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- What happened Thursday 1
Bernard Hickey says he can remember the same rhetoric from the RBNZ a decade ago about the same housing and borrowing pressures, and he fears the same 'do nothing' response. Your view?
By Bernard Hickey
The Reserve Bank warned this week that house price inflation could spill over into wider inflation and endanger of the stability of the banking system.
It also said the over-valued New Zealand dollar was hitting exporters and jobs.
And then it did nothing. All it did was talk.
One fund manager jokingly referred to Thursday's statement as 'Open Mouth Operations.'
Financial markets have been watching the Reserve Bank's empty warnings for a decade.
They then chuckled and pushed the New Zealand dollar up by a full cent to around 84 USc.
Later that day another exporter decided to shut its doors and put another 192 people out of work.
It's like watching an instant replay of a train wreck in slow motion.
Looking back over the last decade of Reserve Bank statements and actions is sobering.
Starting in 2002, mortgage lending growth and house price inflation were relatively modest, as was the New Zealand dollar at just over 40 USc. The Official Cash Rate was 5.75%. Then freshly minted Reserve Bank Governor Alan Bollard cut interest rates in April 2003 and the housing market began to stir.
A burst of competition between the banks and a fall in fixed mortgage rates powered by cheap foreign borrowing by banks started a fire under housing market. The foreign borrowing also started pushing up the New Zealand dollar.
It's clear that by 2004 this shift in behaviour had started changing the structure of the New Zealand economy.
The non-tradeable sector, including government, real estate and financial services, surged ahead and diverged from the tradeable sector, which includes exporters and those that compete with imports. Our current account deficit doubled between 2002 and 2008, driving a rise in our net foreign debt from 65% of GDP to 85% over the same period.
By early 2004 the Reserve Bank began to warn about the high currency and was noticing surprising strength in house prices.
It put up interest rates, which simply increased pressure on the currency.
By 2005 and into 2006 the Reserve Bank found itself painted into a corner by its single inflation target and its single tool of the Official Cash Rate (OCR). It even started investigating the use of 'Supplementary Stabilisation Instruments', including a mortgage interest levy and loan to value ratio limits.
Eventually it decided not to adopt them.
While it twiddled and stuck to the orthodoxy of the Reserve Bank Act, the housing market, the currency and foreign borrowing launched into the stratosphere. Even the Reserve Bank agrees now it missed the housing bubble and underestimated the effects on the wider economy of foreign borrowing. Yet still it stuck to the orthodoxy.
Fast forward to late 2012 and early 2013 and it is doing the same orthodox thing again under its strict new Governor, Graeme Wheeler.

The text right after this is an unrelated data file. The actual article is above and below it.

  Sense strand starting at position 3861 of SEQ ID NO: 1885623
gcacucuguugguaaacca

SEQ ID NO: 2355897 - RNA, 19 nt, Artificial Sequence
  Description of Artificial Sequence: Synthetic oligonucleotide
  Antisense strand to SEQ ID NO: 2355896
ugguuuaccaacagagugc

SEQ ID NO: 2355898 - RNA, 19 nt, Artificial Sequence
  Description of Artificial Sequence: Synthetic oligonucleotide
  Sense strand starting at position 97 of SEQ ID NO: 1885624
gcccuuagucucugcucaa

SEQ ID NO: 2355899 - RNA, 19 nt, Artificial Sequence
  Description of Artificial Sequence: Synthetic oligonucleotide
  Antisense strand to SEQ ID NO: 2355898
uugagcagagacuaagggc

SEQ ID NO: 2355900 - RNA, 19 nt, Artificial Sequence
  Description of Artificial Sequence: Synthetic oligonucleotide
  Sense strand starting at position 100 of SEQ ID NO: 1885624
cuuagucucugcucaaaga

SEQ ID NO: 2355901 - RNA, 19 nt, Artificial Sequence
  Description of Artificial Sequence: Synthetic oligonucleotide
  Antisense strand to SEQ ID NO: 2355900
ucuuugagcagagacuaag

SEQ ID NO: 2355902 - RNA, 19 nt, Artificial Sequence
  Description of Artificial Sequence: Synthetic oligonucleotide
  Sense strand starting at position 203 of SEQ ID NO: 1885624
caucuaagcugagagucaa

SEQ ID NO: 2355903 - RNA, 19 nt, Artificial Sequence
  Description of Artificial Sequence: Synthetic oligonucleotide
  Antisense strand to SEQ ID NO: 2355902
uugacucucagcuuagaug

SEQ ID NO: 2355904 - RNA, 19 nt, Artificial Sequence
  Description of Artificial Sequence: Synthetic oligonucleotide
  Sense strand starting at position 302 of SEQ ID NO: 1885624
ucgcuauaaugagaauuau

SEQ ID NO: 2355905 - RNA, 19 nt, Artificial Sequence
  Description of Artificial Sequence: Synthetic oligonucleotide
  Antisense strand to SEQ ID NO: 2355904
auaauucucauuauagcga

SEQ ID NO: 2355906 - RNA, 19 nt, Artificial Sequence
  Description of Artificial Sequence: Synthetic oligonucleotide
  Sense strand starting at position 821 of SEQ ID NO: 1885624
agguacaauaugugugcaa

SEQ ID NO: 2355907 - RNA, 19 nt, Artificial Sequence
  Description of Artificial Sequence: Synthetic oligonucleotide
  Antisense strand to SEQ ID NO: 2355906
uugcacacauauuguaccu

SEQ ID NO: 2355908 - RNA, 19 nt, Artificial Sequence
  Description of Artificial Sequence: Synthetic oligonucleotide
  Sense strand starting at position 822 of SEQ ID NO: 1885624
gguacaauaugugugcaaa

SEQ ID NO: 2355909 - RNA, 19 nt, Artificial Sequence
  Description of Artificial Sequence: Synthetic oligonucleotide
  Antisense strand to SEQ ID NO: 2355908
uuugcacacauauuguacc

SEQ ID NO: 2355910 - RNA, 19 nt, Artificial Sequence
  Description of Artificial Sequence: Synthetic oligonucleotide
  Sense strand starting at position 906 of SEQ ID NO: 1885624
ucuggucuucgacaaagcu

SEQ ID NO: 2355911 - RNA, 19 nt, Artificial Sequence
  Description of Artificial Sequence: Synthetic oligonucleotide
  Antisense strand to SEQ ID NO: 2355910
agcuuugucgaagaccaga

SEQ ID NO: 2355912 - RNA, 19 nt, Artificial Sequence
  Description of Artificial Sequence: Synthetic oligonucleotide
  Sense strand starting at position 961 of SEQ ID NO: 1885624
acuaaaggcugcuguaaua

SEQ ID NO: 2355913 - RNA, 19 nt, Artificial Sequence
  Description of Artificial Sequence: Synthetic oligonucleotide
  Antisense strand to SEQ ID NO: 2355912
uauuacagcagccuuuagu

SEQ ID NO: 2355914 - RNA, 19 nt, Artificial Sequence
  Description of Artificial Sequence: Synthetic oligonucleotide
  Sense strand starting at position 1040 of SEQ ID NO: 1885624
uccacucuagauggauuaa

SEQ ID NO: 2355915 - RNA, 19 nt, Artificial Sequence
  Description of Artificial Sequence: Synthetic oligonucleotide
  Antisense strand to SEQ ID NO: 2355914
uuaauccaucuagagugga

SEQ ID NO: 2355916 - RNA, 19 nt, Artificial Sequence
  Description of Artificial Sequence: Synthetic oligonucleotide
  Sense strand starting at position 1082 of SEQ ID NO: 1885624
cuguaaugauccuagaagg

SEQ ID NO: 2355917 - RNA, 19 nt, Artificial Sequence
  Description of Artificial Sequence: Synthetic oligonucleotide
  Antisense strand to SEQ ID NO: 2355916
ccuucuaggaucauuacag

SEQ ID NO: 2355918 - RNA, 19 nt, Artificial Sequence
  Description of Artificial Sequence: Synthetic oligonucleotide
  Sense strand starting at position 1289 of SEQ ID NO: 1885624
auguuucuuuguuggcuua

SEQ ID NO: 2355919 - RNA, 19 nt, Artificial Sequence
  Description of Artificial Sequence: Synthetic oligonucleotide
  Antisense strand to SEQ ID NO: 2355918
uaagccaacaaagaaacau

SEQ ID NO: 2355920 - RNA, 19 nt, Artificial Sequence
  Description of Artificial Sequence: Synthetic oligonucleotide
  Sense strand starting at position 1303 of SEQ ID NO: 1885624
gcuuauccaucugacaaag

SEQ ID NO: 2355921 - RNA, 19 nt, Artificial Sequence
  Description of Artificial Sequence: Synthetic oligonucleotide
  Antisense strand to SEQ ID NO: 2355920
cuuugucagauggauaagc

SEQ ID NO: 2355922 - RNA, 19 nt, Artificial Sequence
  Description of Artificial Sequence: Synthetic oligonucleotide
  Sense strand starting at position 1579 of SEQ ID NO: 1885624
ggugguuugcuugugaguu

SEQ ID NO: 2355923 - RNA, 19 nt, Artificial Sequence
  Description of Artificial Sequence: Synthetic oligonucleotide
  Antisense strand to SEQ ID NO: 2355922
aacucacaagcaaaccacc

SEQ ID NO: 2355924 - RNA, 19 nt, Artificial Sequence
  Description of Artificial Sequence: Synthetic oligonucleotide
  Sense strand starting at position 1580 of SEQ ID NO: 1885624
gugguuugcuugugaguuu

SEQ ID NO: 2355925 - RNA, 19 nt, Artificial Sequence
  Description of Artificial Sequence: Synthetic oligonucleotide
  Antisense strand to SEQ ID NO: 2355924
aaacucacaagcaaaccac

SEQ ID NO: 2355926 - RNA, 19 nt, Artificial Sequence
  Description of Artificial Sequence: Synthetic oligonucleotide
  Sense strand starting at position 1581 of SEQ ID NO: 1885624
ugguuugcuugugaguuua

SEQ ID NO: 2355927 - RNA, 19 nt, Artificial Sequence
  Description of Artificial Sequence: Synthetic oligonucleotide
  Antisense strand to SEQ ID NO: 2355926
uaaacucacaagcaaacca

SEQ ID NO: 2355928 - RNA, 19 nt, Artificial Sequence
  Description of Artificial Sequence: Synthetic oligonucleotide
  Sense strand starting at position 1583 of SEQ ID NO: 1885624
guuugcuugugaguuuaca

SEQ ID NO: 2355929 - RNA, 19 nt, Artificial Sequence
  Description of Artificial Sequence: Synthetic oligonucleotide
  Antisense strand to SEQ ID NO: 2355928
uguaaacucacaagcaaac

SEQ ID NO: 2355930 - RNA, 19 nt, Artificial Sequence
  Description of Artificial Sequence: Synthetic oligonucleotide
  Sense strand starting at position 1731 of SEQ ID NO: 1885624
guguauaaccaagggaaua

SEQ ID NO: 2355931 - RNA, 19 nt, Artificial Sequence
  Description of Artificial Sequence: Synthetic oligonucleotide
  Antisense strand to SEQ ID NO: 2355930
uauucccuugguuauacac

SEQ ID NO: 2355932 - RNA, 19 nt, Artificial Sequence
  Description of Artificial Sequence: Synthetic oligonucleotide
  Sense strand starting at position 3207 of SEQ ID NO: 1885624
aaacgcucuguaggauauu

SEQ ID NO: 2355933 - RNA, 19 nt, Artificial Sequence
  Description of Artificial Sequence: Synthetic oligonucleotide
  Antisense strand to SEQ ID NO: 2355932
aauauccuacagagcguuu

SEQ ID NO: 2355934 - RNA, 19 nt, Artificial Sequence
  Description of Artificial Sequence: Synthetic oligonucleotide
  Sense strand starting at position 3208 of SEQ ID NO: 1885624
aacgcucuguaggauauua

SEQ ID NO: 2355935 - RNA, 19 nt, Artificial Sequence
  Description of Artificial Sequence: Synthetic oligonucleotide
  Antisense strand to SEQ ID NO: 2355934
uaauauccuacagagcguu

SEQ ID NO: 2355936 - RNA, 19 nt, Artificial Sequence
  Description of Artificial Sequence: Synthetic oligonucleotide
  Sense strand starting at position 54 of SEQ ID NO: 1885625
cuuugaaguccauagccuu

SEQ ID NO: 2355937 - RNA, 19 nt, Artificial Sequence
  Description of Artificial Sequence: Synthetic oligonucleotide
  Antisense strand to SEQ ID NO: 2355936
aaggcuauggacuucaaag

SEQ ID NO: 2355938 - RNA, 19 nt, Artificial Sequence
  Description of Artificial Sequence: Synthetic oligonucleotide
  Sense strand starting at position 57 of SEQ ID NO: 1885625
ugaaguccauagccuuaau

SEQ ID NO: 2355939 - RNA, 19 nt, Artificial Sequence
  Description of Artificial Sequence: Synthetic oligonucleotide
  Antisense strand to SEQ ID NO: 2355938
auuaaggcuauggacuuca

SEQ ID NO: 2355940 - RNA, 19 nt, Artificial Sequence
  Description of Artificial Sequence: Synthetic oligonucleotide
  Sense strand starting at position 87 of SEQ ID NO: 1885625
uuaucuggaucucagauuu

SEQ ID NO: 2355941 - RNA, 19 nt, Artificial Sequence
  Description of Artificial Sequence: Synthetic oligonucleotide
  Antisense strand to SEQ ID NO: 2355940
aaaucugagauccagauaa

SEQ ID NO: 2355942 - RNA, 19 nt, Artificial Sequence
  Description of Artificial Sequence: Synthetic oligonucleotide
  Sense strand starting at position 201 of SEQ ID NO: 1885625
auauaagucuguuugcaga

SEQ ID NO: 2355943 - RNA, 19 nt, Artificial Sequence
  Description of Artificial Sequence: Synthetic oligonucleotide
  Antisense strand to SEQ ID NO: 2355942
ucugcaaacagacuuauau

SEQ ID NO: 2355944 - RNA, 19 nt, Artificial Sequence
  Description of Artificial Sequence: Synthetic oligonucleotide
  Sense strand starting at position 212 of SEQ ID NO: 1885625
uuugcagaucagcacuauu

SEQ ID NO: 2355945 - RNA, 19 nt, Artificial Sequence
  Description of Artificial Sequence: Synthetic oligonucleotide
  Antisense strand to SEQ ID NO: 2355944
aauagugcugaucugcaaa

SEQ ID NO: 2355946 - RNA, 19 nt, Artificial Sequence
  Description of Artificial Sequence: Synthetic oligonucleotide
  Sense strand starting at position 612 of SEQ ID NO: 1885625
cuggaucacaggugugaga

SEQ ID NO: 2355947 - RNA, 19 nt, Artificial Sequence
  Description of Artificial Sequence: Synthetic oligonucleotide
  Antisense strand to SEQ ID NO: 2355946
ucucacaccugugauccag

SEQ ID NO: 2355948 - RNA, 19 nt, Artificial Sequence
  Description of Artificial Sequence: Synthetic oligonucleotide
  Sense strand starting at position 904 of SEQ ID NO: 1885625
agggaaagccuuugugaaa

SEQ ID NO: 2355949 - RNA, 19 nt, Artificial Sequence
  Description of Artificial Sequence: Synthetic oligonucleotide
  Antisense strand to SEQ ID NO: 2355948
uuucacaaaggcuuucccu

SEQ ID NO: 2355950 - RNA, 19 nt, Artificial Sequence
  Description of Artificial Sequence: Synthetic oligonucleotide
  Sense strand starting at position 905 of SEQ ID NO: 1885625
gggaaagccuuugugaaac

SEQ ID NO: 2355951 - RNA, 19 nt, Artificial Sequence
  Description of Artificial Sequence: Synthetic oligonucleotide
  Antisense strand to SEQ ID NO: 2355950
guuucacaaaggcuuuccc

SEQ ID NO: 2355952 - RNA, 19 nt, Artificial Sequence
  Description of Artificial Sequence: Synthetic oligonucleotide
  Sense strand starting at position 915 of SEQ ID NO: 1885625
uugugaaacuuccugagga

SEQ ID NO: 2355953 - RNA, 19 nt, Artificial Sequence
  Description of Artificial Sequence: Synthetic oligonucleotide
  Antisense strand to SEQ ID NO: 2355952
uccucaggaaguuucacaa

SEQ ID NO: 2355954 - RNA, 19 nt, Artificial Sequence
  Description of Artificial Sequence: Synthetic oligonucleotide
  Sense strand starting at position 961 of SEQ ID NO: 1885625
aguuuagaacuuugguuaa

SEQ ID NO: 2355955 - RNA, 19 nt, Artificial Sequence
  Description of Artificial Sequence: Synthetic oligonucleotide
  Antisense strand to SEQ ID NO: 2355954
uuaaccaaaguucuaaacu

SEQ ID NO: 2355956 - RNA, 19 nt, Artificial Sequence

Faced with a surge in bank competition, cheaper mortgages, faster borrowing and a blast higher in house prices in the second half of 2012, the Reserve Bank did what it has done for a decade - stuck to the script and read from it.
It is now looking at creating other 'macro-prudential tools' to help it break free of this Gordian knot whereby any moves to slow the housing market with the single tool of higher interest rates just hammers the rest of the economy.
These tools include limits on Loan to Value ratios for mortgages so borrowers would need bigger deposits.
It's an echo of the hunt for Supplementary Stabilisation Instruments in 2005 and 2006.
The Reserve Bank appears congenitally reluctant to try them.
A paper to the board in May even pointed to an IMF study showing countries with LVR limits had lower house price inflation and such a tool would be a useful add-on to the Official Cash Rate. Yet still the Reserve Bank dithers, saying last week it would put out a discussion paper by the end of March and was still negotiating a Memorandum of Understanding with the government. And still the Reserve Bank is reluctant to drop the orthodoxy.
Wheeler said in November and December that even if he had these extra tools such as LVR limits he would not use them because house price inflation and lending growth wasn't strong enough yet.
He also undermined the power of any of his currency warnings by saying he doesn't believe in currency intervention.
Fast forward to late January 2013 and house price inflation is at 10% again and lending growth has doubled inside 6 months. Banks are regularly offering 95% mortgages, discounting away legal fees, giving away free tablet computers and thousands of dollars of 'cash back'. The NZ dollar is near record highs. Unemployment is rising. The current account deficit is headed for 7% of GDP. Yet the orthodoxy still reigns.
As Karl Marx said: "History repeats itself, first as tragedy, second as farce." This economic policy trainwreck is nearing the farce stage.
This item was first published in the Herald on Sunday. It is used here with permission.